Elina Brukle | 30 November, 2021


Many centuries ago, the dark and gloomy time after the harvesting was when the exciting masking could begin. This ancient Latvian tradition uncovers a world of strange tales, adorable characters and overflowing energy — and has still much to say about the nature of life and our urge to celebrate.

Thank you to Dr. biol., Mag. phil. Aida Rancane for leading us into this fascinating world. Being one of the most prominent connoisseurs of Latvian traditional culture, the researcher has dived deeply into the masking phenomenon both academically and practically.

Evelīna Deicmane, MADARA Cosmetics

Illustration by Agnessaga

The Little Man. Mask by Evelina Deicmane. Photo by Julija Prohorenkova


Masking was one of the best-known Latvian traditions, practiced from late Autumn to early Spring, with the most intense activities occurring around the winter solstice. The masks were made from natural materials, old cloths and things that no longer served everyday needs.

People walked from home to home, singing, dancing, playing games and performing little sketches, all to attract abundance and fertility, and scare away the evil.

Here are five things to love about this tradition, and three masks you can easily make by yourself.


1. Embracing oneness

Unlike in many other cultures, where masking has traditionally been the privilege of men, here women also participated in these rituals.

Quite often the roles were reversed — females turned into male characters and vice versa to borrow the magical qualities of the opposite sex. It was also a symbolic return to the pre-world, which was not yet split into dualities.

“It was also a symbolic return to the pre-world, which was not yet split into dualities.”

Photos by Julija Prohorenkova


2. Sustainable attitude

The masks were made from natural raw materials, such as fabric, linen, tows, tree bark and wood. Things that were old and worn were especially useful — as they already belonged to a different world.

3. Vibing with the nature

These ancient festivities emerge from a sense of cyclicality and the ever-present struggle between light and darkness in both humans and nature. It was a way of overcoming fear, reconciling contradictions and seeing a new beginning with every ending.

Evelīna Deicmane, MADARA Cosmetics

Masks by Evelina Deicmane. Photo by Julija Prohorenkova


4. Social loosening

Festivities often mean giving in to what’s bubbling deep inside you — symbolically returning to a state of chaos that existed before the world was created. Masking allowed people to step outside their everyday roles, loosening boundaries and norms of behavior.

“There’s sexuality and erotica in the air, as many of the attributes are symbols of fertility. There’s laughter. And there are deeds that manifest the nature of life itself.”

5. A new beginning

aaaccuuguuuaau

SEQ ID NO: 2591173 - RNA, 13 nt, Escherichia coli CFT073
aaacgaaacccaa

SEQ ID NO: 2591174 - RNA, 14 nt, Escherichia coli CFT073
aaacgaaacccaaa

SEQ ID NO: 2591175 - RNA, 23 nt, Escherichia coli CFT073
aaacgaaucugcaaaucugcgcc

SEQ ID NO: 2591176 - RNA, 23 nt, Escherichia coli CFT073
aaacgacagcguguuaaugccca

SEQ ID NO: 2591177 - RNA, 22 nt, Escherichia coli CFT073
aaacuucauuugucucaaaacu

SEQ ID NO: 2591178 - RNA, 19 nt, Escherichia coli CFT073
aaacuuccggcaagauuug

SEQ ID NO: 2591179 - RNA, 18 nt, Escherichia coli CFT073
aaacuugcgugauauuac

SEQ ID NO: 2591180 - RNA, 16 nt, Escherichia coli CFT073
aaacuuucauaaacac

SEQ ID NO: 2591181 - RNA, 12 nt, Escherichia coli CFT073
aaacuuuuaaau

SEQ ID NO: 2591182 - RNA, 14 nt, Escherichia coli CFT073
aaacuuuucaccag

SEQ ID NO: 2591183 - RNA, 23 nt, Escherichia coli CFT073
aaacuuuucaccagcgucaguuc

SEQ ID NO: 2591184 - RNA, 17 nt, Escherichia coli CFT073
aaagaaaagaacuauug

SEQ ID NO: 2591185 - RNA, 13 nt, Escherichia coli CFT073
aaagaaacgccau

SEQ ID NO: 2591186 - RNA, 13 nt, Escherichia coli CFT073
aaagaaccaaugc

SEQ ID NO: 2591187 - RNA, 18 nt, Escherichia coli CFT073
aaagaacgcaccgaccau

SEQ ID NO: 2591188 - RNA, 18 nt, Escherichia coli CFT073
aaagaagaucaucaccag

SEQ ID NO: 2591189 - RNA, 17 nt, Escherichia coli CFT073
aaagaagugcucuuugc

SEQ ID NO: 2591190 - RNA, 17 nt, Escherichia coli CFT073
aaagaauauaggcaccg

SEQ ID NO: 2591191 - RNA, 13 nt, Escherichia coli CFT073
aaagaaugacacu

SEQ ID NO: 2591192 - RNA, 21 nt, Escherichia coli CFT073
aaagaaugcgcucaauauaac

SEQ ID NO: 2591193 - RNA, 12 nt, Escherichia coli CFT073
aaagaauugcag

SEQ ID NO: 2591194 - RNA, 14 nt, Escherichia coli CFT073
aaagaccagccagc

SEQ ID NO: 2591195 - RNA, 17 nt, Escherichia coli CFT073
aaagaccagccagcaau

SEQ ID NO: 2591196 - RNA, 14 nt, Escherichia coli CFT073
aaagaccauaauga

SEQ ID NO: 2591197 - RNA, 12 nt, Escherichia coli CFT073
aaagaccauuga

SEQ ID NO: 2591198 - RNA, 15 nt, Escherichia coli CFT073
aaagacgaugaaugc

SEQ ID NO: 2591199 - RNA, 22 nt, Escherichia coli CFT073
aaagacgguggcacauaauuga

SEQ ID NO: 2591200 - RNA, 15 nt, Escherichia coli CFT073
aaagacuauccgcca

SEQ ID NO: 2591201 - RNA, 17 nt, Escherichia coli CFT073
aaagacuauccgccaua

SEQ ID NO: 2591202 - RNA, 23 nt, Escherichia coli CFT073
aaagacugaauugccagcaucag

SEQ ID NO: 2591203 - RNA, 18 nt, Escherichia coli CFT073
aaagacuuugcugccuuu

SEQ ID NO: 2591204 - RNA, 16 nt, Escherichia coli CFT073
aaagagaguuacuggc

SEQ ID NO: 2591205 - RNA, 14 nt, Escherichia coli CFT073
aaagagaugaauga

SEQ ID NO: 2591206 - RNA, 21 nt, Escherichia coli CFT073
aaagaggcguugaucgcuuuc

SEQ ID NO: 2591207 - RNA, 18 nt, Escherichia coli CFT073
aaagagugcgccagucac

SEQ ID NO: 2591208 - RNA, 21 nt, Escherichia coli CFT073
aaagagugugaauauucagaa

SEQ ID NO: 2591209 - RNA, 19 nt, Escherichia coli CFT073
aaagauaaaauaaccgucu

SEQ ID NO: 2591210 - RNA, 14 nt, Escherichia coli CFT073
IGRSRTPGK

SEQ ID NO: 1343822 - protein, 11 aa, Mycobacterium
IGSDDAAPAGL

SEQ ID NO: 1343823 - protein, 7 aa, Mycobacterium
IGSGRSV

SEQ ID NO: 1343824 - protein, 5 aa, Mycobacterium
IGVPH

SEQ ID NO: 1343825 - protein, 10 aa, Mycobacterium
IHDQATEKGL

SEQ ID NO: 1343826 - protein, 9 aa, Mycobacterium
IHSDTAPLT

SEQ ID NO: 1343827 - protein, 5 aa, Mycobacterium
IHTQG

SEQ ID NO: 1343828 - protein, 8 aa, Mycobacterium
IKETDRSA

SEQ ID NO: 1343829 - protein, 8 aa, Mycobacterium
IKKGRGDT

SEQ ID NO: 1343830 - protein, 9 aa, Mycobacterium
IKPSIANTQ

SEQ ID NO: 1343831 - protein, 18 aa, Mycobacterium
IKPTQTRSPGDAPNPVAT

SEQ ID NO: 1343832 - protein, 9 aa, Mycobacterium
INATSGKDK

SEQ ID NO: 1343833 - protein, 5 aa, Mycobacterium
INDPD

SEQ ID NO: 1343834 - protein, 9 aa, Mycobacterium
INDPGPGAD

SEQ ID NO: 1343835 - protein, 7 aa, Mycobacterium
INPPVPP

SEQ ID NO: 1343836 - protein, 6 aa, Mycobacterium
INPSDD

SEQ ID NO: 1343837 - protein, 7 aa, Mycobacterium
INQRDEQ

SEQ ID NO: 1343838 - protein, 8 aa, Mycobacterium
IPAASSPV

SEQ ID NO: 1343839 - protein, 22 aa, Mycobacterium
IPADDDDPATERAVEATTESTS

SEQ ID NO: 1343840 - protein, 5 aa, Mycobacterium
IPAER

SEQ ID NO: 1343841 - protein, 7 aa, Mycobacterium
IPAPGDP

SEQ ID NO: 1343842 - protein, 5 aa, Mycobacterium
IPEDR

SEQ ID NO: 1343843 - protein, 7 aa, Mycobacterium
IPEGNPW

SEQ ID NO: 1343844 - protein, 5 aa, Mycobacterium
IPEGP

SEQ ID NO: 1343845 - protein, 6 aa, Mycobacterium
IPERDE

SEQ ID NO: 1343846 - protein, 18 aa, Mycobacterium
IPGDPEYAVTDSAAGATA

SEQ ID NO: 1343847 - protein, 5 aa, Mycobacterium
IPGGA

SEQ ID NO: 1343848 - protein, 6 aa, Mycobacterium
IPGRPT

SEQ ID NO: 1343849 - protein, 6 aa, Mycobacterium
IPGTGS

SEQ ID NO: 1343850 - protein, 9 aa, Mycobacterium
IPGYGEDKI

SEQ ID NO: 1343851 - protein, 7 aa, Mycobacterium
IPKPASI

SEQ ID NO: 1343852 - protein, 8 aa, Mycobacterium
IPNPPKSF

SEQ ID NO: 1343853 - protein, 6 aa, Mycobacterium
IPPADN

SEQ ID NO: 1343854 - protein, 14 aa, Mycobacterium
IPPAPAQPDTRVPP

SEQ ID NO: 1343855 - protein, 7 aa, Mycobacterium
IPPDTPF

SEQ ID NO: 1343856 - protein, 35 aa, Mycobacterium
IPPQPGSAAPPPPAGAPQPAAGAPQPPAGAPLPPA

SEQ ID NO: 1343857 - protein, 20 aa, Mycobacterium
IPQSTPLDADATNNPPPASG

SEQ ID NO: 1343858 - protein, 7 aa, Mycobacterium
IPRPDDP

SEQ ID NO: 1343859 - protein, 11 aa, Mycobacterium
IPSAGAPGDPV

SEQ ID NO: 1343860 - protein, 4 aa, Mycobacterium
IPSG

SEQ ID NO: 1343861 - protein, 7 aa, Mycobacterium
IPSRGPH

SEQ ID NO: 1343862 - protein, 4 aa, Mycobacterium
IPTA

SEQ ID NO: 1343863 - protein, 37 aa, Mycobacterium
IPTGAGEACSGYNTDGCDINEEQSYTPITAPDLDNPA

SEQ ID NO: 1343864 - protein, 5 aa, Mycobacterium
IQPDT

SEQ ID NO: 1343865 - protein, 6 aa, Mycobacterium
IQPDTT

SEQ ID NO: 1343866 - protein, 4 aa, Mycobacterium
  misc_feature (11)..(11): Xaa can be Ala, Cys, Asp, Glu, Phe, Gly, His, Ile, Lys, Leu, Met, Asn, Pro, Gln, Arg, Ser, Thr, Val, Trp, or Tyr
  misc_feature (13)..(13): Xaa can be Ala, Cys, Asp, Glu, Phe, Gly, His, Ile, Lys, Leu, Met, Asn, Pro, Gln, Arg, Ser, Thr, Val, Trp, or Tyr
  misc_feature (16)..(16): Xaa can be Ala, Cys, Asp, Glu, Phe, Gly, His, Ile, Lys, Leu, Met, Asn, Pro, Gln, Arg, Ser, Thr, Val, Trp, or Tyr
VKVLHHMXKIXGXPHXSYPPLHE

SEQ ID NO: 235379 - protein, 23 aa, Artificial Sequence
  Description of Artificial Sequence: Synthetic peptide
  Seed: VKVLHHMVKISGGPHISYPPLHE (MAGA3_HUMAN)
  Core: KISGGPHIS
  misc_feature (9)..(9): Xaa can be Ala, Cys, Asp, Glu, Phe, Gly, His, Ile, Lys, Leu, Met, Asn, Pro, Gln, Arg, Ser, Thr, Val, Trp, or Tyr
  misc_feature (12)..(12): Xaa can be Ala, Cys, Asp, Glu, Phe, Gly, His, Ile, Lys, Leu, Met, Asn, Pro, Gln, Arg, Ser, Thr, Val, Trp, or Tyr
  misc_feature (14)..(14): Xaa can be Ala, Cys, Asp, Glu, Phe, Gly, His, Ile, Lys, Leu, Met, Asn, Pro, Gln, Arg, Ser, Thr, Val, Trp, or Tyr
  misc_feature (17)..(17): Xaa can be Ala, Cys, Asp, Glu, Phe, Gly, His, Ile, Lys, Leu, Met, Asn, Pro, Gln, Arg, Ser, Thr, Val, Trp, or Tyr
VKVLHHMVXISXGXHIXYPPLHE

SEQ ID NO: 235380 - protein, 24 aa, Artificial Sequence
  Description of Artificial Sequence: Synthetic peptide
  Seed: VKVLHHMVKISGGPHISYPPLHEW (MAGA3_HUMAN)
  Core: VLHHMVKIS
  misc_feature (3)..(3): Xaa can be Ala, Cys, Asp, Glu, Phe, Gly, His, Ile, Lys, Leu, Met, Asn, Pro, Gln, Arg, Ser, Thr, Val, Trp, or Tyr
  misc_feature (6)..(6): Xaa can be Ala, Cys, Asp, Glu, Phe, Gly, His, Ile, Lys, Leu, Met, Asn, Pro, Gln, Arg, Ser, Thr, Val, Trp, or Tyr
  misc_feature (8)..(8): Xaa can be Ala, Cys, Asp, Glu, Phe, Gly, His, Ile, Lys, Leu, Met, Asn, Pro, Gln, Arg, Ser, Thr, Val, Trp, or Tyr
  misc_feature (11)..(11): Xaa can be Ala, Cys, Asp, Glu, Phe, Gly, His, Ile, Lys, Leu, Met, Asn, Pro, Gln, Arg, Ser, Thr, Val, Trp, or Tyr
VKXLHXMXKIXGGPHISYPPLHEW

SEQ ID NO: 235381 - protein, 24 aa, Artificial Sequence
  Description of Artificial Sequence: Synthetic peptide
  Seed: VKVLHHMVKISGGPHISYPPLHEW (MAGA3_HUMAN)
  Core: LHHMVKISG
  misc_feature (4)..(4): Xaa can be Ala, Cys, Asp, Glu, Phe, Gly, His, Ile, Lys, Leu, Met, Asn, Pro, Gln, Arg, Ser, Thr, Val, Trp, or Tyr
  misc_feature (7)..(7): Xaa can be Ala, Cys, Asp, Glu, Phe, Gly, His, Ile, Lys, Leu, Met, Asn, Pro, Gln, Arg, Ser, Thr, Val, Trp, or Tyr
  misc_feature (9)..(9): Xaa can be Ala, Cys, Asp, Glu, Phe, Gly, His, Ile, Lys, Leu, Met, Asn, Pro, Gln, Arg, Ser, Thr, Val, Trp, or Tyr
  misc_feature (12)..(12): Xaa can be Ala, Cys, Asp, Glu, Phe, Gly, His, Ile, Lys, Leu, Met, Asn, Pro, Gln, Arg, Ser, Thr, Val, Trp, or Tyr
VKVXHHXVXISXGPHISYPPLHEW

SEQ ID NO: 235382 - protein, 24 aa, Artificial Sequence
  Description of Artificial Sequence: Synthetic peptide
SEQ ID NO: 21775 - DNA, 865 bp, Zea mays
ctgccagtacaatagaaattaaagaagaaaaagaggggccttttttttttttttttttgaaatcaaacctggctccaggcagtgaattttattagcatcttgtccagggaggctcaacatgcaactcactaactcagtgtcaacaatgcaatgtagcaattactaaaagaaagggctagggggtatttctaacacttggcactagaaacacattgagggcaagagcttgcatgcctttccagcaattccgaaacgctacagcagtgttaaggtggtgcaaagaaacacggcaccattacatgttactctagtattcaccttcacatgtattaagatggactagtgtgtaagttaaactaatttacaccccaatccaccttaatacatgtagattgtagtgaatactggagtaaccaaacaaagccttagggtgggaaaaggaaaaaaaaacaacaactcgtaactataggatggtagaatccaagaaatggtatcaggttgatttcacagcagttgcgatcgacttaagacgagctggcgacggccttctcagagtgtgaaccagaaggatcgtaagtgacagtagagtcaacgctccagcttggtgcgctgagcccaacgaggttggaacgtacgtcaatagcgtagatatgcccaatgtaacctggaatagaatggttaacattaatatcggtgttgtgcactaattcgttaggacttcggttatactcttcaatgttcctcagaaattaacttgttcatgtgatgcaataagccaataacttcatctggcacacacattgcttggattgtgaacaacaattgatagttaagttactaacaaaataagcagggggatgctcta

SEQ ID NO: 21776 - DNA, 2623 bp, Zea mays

Masking gives a chance to see yourself, others and the world in a new light. “These rituals speak a different language,” says Aida Rancane, “they go beyond the usual level of consciousness”. After you have unleashed the primordial powers, recognized and left behind the unnecessary, you are ready for a new beginning — be it a new year, new season or new chapter in your life.

Evelīna Deicmane, MADARA Cosmetics

Photo by Julija Prohorenkova

How to make your own mask

There were masks of four kinds — human and animal figures, objects and mythological characters. It was important to go unrecognized, so not only one’s appearance, but also voice had to be disguised.

The Crane

The character of the crane came to peck young girls with its beak to ensure fertility in the coming year.

1. Take a rod or a broomstick, and tie it to your back.

2. Drape a scarf or a blanket over the top.

3. Tie a broom-tail at the bottom of the rod.

4. On the top, attach the crane’s head — a bag stuffed with hay. Draw eyes on the sides of the bag with charcoal and attach the beak, made of cardboard or wooden boards.

The Crane. Mask by Evelina Deicmane. Photo by Julija Prohorenkova

The Horse

Just like the crane, the horse is also part of the mask group of animal figures. These mythical animals belong to the other world, serving as mediators to help humans achieve fertility and regeneration.

The horse was traditionally created by two guys or girls, one behind the other.

1. Attach a tail made of tows to the back.

2. The person at the front holds a rod with a horse’s head made of wood or fabric (such as old trousers) attached.

3. The eyes, ears and mane are sewn onto the head.

4. Drape a blanket on the horse’s back.

Evelīna Deicmane, MADARA Cosmetics

Illustration by Agnessaga

The Heystack

The heystack belongs to the mask group of objects, and is a symbol of harvest and fertility. Some think that the winter solstice masks might have stood for different constellations.

1. Take a large scarf or cloth, attach its top part to one end of a long stick.

2. Attach the bottom of the cloth to a round hoop.

3. Cover or sew everything with hay bales.

4. Cover or sew hey onto it all.

Masks by Evelina Deicmane. Photo by Julija Prohorenkova

The Wolf and the Goat

The Wolf came out of darkness to meet the Goat, which stood for light. In many solstice games they play groom and bride, and their dancing is an act of fertility.

“The feminine was traditionally associated with darkness, while the masculine — with light.”

Wearing a particular mask allowed emphasizing your personal characteristics or appropriating the ones you lacked, especially in the case of initiation rituals.

Evelīna Deicmane, MADARA Cosmetics

The Crane and The Goat. Masks by Evelina Deicmane. Photo by Julija Prohorenkova


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